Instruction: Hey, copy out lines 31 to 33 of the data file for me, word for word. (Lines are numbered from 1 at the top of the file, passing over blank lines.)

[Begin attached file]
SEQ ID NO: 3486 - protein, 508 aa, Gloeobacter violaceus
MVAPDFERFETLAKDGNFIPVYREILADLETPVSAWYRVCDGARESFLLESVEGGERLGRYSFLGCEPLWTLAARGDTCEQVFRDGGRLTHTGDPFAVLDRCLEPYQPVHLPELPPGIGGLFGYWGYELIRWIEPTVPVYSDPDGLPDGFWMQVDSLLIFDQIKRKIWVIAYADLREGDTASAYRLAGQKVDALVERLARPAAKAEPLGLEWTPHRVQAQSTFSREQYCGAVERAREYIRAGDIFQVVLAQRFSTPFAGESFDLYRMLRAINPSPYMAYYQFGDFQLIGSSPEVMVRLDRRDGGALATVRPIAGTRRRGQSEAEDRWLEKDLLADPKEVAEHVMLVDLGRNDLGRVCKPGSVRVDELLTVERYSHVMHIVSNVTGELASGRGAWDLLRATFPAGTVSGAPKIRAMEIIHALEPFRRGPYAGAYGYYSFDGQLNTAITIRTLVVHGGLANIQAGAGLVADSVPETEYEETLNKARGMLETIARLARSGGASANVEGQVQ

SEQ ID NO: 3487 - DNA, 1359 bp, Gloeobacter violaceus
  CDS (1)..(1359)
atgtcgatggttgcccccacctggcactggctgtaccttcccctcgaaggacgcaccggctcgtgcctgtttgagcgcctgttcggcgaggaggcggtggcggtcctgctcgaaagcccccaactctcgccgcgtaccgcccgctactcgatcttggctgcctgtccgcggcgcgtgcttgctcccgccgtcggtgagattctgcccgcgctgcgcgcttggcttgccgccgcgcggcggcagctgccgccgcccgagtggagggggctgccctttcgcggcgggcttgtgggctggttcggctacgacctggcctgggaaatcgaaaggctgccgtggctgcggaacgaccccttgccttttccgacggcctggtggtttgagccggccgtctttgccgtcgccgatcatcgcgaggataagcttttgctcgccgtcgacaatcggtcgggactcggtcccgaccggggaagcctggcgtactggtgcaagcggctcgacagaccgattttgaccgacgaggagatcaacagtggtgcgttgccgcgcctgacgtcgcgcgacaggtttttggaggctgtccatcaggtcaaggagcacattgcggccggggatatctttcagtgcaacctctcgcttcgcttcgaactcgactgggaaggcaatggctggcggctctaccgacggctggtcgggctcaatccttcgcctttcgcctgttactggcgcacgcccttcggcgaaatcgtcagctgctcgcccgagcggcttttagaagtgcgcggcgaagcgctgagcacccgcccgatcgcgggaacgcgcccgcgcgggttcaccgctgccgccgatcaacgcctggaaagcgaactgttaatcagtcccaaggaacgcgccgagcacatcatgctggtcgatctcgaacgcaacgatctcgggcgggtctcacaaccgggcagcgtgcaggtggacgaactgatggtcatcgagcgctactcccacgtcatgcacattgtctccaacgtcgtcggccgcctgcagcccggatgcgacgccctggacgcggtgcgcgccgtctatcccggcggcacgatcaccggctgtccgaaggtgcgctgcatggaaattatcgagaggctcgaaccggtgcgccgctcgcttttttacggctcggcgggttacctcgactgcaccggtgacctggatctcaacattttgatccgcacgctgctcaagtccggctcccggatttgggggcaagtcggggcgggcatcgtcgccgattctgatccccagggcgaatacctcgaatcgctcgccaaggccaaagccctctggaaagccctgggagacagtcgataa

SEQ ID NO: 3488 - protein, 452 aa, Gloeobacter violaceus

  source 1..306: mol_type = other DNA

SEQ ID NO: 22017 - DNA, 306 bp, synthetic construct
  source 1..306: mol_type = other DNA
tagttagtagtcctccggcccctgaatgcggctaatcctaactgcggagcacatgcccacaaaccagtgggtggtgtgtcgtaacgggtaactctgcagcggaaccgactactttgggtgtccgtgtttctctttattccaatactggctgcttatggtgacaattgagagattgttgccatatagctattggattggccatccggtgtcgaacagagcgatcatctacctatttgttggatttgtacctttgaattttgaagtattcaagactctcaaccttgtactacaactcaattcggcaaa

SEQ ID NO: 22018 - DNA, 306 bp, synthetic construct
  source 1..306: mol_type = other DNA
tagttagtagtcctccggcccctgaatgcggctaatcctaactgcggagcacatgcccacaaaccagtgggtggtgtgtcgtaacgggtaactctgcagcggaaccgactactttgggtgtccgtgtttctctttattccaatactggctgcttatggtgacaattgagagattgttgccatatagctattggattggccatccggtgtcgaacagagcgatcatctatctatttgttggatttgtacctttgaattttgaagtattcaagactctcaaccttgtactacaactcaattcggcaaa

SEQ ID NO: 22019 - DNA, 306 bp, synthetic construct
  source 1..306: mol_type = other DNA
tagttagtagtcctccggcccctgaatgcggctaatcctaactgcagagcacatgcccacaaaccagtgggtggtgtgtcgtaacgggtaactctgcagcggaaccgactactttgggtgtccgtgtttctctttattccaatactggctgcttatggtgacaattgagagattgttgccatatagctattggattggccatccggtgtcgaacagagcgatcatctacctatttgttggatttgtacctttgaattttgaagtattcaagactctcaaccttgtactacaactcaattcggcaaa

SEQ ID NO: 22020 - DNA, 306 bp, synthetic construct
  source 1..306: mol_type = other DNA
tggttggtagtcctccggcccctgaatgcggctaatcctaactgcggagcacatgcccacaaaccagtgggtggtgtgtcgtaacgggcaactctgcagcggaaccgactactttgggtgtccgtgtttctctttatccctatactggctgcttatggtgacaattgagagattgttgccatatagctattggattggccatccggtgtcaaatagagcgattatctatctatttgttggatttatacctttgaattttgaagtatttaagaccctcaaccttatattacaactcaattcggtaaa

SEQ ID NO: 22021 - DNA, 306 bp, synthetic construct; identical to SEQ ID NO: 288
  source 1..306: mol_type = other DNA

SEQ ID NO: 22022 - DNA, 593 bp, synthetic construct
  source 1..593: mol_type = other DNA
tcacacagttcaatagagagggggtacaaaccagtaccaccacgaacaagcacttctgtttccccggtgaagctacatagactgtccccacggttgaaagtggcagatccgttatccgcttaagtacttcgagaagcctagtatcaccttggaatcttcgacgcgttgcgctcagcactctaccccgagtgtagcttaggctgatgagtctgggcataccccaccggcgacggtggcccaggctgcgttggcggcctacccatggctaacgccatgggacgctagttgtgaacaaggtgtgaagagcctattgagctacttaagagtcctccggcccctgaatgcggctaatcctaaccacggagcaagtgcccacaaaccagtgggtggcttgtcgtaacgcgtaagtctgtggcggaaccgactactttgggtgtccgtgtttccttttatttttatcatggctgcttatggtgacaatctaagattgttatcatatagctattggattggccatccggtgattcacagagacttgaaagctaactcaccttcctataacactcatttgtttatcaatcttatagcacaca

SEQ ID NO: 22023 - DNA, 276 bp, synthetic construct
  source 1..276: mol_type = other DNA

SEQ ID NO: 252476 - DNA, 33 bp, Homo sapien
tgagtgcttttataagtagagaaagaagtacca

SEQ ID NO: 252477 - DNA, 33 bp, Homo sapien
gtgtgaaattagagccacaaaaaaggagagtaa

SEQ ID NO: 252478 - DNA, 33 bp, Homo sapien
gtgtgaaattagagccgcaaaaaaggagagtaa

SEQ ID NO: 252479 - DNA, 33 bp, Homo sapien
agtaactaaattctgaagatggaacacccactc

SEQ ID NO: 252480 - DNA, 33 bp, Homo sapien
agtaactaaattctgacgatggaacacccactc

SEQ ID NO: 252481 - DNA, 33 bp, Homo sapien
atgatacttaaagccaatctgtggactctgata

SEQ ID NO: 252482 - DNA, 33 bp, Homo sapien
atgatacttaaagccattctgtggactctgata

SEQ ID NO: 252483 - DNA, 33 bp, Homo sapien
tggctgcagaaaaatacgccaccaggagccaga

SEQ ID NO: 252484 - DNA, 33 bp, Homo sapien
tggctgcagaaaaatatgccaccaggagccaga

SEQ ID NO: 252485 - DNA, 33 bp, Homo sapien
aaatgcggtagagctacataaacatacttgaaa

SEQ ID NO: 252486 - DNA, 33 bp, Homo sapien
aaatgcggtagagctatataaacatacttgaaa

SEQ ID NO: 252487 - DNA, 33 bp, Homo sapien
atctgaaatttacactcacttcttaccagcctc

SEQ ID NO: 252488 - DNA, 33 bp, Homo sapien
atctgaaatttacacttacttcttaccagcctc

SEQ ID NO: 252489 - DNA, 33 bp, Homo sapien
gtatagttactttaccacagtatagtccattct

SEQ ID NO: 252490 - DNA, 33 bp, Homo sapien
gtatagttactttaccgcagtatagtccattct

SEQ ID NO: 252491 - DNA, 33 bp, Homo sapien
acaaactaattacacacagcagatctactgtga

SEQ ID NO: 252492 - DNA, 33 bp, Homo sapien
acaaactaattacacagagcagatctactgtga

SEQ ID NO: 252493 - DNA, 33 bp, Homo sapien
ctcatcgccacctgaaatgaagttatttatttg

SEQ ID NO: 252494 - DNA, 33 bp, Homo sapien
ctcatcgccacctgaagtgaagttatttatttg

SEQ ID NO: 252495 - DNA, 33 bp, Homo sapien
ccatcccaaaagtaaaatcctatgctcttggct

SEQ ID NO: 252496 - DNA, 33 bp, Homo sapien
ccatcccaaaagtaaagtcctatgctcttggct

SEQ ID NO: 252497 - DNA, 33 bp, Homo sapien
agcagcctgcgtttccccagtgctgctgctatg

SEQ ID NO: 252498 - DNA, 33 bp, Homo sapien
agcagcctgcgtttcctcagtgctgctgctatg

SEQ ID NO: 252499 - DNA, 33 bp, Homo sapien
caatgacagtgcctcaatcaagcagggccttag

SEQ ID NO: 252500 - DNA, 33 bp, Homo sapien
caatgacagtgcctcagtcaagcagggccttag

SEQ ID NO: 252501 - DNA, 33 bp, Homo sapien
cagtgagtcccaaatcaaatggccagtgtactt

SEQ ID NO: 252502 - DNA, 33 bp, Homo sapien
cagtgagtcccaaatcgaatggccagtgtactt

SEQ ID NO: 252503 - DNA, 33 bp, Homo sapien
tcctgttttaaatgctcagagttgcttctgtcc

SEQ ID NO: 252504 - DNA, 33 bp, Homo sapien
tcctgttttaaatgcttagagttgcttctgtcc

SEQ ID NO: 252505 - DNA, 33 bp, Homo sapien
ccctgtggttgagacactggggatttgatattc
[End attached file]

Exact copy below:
SEQ ID NO: 252478 - DNA, 33 bp, Homo sapien
gtgtgaaattagagccgcaaaaaaggagagtaa

SEQ ID NO: 252479 - DNA, 33 bp, Homo sapien